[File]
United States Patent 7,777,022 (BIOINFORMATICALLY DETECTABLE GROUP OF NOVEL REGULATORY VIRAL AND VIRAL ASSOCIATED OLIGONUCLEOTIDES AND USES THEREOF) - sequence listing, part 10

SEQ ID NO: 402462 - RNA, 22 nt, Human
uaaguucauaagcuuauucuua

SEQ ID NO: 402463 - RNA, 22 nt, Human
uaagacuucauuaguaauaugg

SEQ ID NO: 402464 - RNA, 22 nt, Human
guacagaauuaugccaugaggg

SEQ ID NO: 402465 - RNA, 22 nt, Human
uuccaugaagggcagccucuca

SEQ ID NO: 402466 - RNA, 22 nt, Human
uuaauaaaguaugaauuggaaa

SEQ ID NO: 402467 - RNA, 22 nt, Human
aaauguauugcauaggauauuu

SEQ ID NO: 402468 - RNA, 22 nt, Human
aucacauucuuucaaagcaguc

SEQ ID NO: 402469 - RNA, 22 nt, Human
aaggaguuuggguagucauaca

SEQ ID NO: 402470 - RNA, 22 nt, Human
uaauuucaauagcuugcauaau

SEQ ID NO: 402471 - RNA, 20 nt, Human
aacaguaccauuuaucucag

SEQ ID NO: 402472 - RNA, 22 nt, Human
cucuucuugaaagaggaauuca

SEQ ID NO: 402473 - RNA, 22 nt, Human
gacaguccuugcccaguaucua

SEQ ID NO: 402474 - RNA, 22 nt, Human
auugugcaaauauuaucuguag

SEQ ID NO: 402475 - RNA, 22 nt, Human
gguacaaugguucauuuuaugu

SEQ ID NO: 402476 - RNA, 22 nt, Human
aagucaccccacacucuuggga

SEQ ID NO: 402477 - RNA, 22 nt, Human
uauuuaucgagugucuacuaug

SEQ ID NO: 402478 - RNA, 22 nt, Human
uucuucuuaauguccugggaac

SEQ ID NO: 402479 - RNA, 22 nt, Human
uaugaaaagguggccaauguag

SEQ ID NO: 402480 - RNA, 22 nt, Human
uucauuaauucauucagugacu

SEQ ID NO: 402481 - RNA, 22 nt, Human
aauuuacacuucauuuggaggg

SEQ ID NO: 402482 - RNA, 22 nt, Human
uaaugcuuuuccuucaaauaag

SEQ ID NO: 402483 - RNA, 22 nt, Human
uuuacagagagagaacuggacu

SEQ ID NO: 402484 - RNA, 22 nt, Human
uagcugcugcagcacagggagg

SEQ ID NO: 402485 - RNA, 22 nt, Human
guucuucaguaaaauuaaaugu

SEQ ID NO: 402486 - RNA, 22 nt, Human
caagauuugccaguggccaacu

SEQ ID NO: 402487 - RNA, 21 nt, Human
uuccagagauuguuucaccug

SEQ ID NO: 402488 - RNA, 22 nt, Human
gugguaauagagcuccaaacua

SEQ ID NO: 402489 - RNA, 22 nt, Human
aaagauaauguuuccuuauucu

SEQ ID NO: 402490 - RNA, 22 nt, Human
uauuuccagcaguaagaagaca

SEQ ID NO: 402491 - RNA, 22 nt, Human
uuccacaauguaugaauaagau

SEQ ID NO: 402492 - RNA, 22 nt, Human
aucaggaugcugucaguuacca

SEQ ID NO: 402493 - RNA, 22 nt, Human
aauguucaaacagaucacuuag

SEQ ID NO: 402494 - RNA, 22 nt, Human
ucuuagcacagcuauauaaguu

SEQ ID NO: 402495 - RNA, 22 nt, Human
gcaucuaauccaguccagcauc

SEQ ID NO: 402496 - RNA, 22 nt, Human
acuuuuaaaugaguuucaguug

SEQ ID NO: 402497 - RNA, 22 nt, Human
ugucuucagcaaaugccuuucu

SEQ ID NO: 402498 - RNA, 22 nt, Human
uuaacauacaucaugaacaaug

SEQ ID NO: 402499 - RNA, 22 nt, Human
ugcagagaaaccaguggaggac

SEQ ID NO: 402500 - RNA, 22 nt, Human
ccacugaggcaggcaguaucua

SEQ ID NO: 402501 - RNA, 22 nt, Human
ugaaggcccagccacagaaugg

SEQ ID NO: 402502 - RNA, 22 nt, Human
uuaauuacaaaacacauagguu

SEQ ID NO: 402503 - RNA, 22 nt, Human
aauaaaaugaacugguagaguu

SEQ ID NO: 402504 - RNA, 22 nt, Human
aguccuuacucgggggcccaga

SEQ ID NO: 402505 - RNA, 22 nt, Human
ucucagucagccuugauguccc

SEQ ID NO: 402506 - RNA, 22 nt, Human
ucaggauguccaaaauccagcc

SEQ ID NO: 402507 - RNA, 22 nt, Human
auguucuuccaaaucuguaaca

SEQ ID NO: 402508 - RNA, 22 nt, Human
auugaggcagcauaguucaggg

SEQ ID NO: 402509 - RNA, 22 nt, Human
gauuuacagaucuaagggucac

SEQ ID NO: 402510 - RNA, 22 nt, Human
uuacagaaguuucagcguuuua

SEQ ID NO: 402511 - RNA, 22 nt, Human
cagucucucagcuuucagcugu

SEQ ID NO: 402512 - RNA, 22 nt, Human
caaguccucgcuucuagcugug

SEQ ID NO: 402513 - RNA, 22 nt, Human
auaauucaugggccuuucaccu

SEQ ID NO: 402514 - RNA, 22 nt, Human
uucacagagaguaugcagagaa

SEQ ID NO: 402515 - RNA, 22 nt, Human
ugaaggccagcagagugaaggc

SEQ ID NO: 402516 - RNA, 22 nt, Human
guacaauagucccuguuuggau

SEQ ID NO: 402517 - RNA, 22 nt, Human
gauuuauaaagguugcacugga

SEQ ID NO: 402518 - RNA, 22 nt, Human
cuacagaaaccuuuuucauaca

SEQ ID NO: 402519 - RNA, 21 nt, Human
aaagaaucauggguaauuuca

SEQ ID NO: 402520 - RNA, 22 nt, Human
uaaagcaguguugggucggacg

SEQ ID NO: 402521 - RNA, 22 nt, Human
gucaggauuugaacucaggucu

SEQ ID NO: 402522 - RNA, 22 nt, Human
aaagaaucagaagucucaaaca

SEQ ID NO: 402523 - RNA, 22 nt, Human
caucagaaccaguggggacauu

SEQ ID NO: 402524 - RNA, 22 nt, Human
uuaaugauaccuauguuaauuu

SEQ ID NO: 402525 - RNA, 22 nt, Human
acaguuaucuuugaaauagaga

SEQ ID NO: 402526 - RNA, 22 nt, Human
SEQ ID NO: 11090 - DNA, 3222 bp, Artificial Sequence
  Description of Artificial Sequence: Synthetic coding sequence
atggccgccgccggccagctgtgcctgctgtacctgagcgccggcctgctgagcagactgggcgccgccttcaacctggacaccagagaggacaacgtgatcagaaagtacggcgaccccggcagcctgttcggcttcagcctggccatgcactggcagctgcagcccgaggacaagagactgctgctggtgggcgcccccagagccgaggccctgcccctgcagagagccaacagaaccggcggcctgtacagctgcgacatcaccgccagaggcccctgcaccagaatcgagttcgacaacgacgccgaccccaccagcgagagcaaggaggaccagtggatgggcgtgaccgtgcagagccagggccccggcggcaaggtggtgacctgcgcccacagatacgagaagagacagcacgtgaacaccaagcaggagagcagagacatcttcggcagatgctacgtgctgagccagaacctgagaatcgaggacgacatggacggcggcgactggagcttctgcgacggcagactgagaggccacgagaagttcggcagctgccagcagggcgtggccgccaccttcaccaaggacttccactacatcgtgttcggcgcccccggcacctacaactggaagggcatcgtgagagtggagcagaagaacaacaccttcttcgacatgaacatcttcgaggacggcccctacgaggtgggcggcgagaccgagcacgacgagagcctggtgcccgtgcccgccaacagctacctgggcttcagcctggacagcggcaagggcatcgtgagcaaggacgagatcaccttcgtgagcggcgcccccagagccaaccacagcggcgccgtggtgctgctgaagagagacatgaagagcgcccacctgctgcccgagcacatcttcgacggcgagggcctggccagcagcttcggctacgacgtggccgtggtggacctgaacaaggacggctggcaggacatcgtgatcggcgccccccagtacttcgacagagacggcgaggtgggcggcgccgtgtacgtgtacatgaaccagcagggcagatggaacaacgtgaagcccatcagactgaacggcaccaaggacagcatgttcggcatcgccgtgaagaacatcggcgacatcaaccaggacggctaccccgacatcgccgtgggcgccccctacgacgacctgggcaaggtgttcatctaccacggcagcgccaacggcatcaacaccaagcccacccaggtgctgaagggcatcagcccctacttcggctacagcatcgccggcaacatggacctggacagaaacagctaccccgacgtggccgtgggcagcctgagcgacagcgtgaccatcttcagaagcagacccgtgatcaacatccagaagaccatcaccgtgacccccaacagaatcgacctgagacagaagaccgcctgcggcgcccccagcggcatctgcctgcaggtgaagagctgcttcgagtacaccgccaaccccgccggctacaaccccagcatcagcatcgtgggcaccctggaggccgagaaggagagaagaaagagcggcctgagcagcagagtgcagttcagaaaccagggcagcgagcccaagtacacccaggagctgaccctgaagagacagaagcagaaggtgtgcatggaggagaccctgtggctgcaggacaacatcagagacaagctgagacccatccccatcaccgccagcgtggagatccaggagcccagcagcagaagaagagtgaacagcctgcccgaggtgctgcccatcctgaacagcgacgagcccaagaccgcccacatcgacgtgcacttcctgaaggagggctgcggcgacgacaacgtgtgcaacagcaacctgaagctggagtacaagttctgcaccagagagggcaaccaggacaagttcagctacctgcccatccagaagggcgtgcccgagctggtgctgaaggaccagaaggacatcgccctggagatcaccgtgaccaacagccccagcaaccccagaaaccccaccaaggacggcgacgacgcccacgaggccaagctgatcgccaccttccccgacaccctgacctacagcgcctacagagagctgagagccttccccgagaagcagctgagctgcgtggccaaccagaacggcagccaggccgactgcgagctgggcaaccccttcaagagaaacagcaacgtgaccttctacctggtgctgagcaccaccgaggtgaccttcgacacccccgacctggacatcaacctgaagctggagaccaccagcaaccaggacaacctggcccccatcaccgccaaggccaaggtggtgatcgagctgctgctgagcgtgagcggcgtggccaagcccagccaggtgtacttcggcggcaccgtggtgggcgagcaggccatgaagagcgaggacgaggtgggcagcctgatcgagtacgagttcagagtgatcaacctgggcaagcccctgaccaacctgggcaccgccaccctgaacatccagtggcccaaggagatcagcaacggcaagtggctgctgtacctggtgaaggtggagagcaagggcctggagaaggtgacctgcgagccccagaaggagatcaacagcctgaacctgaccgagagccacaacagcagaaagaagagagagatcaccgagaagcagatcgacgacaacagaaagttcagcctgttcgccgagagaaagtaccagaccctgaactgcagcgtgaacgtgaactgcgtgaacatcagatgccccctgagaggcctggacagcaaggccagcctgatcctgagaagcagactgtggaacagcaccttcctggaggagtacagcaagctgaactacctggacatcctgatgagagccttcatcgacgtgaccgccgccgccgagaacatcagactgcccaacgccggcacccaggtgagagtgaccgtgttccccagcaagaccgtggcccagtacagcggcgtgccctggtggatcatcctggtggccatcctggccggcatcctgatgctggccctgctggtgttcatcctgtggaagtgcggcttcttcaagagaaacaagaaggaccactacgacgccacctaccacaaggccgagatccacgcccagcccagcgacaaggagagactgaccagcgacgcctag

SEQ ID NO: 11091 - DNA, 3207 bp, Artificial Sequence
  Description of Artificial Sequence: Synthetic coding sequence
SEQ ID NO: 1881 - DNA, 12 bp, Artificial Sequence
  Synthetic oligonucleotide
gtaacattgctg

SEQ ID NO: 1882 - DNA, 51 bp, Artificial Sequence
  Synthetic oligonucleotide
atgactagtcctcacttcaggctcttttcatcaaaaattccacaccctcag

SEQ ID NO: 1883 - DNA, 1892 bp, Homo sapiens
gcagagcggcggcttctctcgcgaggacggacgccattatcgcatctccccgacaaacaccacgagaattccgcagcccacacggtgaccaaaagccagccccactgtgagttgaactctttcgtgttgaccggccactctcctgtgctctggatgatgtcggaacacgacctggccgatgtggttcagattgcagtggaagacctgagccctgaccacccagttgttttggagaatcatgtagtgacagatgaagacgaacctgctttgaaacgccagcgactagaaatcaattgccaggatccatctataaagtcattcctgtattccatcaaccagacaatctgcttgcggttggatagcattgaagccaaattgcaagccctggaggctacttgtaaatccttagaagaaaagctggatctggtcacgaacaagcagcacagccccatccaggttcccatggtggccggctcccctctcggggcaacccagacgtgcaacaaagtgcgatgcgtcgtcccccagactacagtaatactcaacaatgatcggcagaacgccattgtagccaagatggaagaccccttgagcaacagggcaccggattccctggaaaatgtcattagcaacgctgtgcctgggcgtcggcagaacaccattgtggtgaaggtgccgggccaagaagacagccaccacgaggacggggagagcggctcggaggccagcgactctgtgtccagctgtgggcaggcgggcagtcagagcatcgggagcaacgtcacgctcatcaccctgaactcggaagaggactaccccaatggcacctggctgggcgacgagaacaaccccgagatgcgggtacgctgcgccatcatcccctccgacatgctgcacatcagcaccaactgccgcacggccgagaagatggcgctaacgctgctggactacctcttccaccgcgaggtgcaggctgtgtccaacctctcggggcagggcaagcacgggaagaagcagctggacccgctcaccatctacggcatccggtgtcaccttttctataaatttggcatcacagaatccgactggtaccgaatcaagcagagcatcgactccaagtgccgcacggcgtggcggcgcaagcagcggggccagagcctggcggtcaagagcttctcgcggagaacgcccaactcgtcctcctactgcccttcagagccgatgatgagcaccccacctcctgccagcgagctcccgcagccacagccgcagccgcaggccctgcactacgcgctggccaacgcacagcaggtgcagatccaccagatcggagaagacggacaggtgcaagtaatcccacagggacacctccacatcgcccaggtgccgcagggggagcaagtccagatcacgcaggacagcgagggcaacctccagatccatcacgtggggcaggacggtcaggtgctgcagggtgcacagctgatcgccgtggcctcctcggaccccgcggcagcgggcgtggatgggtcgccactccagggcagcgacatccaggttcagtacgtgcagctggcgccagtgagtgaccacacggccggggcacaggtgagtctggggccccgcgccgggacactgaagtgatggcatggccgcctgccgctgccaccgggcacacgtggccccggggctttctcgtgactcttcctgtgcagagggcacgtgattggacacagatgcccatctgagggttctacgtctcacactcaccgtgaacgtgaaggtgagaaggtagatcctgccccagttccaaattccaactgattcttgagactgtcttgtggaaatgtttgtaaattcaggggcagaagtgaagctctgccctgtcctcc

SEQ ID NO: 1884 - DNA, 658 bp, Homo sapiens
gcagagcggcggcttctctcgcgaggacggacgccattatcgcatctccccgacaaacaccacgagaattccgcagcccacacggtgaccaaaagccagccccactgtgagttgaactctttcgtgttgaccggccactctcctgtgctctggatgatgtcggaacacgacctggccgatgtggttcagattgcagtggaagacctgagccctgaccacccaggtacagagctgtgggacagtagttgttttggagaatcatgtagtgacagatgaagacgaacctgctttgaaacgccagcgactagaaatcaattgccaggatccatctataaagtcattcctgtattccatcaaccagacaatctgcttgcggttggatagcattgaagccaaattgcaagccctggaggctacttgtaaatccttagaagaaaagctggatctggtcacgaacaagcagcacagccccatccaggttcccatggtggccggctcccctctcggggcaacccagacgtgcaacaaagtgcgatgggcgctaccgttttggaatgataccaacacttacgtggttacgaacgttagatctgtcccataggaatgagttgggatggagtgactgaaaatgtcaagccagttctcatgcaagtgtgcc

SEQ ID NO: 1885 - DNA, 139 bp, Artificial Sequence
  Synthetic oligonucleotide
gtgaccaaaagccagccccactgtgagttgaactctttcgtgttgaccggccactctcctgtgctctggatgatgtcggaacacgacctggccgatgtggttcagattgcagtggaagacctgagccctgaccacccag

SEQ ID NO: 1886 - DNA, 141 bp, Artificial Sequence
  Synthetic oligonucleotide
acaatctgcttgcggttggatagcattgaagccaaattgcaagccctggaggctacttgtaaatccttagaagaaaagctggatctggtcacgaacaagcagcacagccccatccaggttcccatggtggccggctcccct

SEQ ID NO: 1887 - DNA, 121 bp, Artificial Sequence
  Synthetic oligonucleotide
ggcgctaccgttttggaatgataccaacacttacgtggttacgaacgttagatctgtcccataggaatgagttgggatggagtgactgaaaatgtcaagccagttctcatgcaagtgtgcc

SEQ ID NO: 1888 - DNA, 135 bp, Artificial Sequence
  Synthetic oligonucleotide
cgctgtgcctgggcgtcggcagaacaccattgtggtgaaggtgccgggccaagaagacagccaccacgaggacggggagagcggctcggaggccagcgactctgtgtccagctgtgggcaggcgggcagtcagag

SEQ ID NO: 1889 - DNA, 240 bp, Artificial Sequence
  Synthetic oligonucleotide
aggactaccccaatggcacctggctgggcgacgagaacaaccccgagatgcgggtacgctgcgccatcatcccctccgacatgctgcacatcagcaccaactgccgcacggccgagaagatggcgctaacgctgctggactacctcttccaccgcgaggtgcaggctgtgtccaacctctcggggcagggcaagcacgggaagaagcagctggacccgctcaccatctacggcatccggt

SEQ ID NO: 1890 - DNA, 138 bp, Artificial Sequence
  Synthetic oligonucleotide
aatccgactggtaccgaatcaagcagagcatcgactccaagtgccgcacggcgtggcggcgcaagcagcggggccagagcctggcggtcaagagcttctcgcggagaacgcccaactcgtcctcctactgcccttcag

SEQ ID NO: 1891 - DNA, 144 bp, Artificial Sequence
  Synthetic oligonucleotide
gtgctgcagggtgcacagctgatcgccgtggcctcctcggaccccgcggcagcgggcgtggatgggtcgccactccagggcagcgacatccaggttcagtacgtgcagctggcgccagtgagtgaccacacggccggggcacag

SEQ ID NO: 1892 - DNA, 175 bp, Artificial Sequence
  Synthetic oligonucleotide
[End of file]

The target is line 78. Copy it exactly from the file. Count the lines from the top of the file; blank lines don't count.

SEQ ID NO: 402500 - RNA, 22 nt, Human